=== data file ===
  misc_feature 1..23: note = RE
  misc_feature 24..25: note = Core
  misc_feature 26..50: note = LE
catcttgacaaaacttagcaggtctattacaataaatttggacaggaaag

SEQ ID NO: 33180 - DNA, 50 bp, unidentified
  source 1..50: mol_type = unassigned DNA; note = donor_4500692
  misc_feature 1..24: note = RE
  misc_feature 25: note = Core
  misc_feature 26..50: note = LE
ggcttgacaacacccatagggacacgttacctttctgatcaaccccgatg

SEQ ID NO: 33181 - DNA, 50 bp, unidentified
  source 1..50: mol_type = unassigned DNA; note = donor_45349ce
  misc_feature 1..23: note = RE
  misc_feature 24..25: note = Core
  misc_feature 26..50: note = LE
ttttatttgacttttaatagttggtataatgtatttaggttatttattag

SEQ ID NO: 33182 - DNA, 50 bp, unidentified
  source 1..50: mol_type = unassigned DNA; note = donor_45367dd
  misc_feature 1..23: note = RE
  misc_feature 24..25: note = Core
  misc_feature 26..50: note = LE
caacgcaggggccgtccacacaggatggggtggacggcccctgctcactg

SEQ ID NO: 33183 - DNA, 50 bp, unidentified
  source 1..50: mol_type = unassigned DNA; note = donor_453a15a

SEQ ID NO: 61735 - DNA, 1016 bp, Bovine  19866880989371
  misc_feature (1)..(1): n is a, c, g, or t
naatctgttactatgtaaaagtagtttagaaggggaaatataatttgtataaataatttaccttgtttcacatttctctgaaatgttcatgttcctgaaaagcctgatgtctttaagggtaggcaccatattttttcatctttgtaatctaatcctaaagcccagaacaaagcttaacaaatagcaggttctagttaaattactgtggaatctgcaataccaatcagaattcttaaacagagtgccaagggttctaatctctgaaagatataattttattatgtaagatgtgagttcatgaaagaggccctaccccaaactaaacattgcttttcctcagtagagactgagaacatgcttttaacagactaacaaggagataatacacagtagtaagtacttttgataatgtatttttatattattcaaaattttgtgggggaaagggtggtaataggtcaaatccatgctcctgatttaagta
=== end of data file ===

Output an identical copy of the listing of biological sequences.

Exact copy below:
  misc_feature 1..23: note = RE
  misc_feature 24..25: note = Core
  misc_feature 26..50: note = LE
catcttgacaaaacttagcaggtctattacaataaatttggacaggaaag

SEQ ID NO: 33180 - DNA, 50 bp, unidentified
  source 1..50: mol_type = unassigned DNA; note = donor_4500692
  misc_feature 1..24: note = RE
  misc_feature 25: note = Core
  misc_feature 26..50: note = LE
ggcttgacaacacccatagggacacgttacctttctgatcaaccccgatg

SEQ ID NO: 33181 - DNA, 50 bp, unidentified
  source 1..50: mol_type = unassigned DNA; note = donor_45349ce
  misc_feature 1..23: note = RE
  misc_feature 24..25: note = Core
  misc_feature 26..50: note = LE
ttttatttgacttttaatagttggtataatgtatttaggttatttattag

SEQ ID NO: 33182 - DNA, 50 bp, unidentified
  source 1..50: mol_type = unassigned DNA; note = donor_45367dd
  misc_feature 1..23: note = RE
  misc_feature 24..25: note = Core
  misc_feature 26..50: note = LE
caacgcaggggccgtccacacaggatggggtggacggcccctgctcactg

SEQ ID NO: 33183 - DNA, 50 bp, unidentified
  source 1..50: mol_type = unassigned DNA; note = donor_453a15a

SEQ ID NO: 61735 - DNA, 1016 bp, Bovine  19866880989371
  misc_feature (1)..(1): n is a, c, g, or t
naatctgttactatgtaaaagtagtttagaaggggaaatataatttgtataaataatttaccttgtttcacatttctctgaaatgttcatgttcctgaaaagcctgatgtctttaagggtaggcaccatattttttcatctttgtaatctaatcctaaagcccagaacaaagcttaacaaatagcaggttctagttaaattactgtggaatctgcaataccaatcagaattcttaaacagagtgccaagggttctaatctctgaaagatataattttattatgtaagatgtgagttcatgaaagaggccctaccccaaactaaacattgcttttcctcagtagagactgagaacatgcttttaacagactaacaaggagataatacacagtagtaagtacttttgataatgtatttttatattattcaaaattttgtgggggaaagggtggtaataggtcaaatccatgctcctgatttaagta